Cancer Breakthrough with Spontaneous Remission
by Jeffrey Dach MD
Injecting cancer into mice is a major activity at Wake Forest Medical School in North Carolina, keeping students busy with many publications over the years. Injecting the cancer cells prompty kills the mouse, but first, the mouse makes fluid in the abdomen, also called ascites.
Image: Lab Mice courtesy of wikimedia commons.
Then one day, a medical student injected a mouse and noticed something strange happened. What happened? Nothing. The mouse didn't get cancer, and no fluid in the abdomen. The first mouse that could kill cancer was discovered.
Spontaneous Regression of Cancer in the Mouse
Once identified as a "cancer killing" mouse, the little furry fellow was earmarked for study. These were exciting times in the lab. Researchers in the lab asked some urgent questions. Why didn't this mouse get cancer and ascites like all the others? How was this mouse able to resist injected cancer cells? What was the mechanism for the rejection of the cancer cells?
Over the next 3 years,research studies showed these mice are immune to cancer, a trait innate to this SR/CR strain. Their immunity to cancer was genetically determined. These mice have an immune system that could fight cancer bysending immune cells, their leukocytes attack and kill the cancer cells, just as any other microbial invader. These mice were dubbed SR/CR mice for Spontaneous Regression/Complete Resistant (to Cancer).(2)
What about the other normal mice? They had no immunity and promptly died of cancer. Could these normal mice be saved by infusing the white cells, the lymphocytes, from the SR/CR mice ? More experiments quickly confirmed this was true, cancer resistance could be transferred to normal mice transfused with white blood cells from SR/CR mice.(3) In addition, the protective SR/CR white cells could be stockpiled in cold storage, infused weeks later, and still retain activity.(4)
Human Mice - Spontaneous Regression of Cancer
What about us humans? Do we have a similar immunity to cancer, with some humans able to resist cancer? Yes, and this is called spontaneous regression (remission) of cancer, which has been reported for virtually all cancers many times in the medical literature. Spontaneous regression can beseen most commonly in neuroblastoma, renal cell carcinoma, malignant melanoma and lymphomas (see Papac RJ and Chodorowski Z)(5)(6)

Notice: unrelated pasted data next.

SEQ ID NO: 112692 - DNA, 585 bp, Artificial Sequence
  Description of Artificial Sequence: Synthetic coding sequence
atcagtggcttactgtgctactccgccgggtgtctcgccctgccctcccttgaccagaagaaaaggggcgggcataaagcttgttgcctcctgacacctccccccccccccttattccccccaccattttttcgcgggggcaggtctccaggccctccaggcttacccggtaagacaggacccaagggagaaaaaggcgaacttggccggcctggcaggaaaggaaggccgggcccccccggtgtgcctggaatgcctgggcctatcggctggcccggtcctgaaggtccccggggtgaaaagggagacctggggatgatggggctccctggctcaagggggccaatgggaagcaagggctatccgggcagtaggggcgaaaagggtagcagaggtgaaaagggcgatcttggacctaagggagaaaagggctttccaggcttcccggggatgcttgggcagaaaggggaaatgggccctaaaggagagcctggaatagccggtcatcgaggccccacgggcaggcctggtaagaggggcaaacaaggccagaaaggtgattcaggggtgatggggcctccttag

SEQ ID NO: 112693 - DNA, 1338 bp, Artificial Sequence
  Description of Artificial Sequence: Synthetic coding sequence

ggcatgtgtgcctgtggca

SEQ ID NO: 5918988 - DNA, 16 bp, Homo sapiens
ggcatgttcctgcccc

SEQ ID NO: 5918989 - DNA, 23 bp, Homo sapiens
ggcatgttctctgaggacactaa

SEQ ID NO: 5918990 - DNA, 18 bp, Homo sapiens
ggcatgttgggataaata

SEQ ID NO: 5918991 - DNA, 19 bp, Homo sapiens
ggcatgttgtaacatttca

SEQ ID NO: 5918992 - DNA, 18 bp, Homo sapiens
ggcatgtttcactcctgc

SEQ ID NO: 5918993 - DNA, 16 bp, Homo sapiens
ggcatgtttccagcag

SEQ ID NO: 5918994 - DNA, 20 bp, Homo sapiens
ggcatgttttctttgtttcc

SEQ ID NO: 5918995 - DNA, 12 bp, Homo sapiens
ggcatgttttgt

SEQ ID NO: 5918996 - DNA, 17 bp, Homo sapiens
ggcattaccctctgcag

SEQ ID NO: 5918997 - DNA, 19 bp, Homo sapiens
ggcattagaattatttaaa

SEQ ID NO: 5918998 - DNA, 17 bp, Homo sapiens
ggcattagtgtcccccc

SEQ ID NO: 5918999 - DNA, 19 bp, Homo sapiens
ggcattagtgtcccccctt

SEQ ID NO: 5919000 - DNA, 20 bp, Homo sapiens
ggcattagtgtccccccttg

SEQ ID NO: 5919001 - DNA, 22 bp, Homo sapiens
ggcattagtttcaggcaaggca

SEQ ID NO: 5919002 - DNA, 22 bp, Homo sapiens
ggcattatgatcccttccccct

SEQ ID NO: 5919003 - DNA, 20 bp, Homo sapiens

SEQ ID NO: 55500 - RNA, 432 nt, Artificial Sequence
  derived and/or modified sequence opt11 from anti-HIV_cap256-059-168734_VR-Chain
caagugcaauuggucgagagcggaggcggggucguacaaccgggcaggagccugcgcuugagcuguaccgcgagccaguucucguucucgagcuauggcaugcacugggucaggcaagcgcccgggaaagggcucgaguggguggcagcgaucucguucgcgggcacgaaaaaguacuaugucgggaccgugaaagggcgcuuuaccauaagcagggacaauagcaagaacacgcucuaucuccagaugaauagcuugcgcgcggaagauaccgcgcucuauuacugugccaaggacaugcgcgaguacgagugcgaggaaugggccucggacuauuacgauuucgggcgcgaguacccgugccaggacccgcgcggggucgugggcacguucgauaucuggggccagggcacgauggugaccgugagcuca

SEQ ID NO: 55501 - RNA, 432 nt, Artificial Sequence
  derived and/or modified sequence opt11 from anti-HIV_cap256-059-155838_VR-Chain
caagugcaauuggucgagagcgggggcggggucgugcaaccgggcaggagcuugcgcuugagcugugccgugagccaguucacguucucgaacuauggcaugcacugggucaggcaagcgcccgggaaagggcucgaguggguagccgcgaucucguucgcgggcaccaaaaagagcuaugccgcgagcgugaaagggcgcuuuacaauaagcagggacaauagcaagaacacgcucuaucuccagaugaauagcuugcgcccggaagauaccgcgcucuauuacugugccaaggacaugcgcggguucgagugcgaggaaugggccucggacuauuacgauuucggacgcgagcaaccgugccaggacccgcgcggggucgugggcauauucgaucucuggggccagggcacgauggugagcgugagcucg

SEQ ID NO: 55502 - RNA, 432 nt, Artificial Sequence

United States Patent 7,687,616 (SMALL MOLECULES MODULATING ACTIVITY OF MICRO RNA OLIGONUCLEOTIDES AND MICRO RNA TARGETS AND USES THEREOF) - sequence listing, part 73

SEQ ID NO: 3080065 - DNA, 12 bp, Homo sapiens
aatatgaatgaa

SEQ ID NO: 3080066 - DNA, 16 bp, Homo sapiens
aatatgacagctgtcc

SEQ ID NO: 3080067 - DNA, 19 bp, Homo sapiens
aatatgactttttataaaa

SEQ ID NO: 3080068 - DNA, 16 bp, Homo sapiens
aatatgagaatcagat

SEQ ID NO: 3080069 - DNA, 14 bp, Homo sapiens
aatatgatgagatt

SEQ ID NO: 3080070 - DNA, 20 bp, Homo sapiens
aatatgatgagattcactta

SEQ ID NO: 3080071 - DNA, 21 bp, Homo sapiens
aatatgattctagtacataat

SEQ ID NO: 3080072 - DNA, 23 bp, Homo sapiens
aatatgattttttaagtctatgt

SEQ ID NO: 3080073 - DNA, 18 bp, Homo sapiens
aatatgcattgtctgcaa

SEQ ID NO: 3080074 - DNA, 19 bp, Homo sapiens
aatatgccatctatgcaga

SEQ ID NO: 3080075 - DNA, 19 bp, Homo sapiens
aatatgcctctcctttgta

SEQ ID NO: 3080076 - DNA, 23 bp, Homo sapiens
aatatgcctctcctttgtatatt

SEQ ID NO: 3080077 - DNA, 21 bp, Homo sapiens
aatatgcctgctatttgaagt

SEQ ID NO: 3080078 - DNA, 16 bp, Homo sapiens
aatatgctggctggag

Sir William Osler, a legendary doctor reported 14 cases of breast cancer spontaneous remission.(8) I have seen a documented case of spontaneous regression of breast cancer. A study by Dr Gilbert Welch concluded that small breast cancers may spontaneously regress. Gina Kolata wrote a New York Times piece about it.
Adoptive Immunotherapy - A Promising New Cancer Treatment
The mouse model showed cancer resistance can be tranferred by transfusing white blood cells called T lymphocytes. How about humans?
Steven A Rosenberg MD PhD has work in humans showing great promise. As Chief of Surgery at the National Cancer Institute, Dr. Rosenberg has developed a cancer treatment T lymphocytes infused into cancer patients. His results have been remarkable.(7) Dr Rosenberg's treatment uses a cancer patient's own T lymphocytes which have innate anti-tumor activity, the lymphocytes are activated and cloned in a test tube, and then reinfused into the cancer patient. This method is currently the most effective treatment for patients with metastatic melanoma producing tumor regressions in 50% of patients. (7).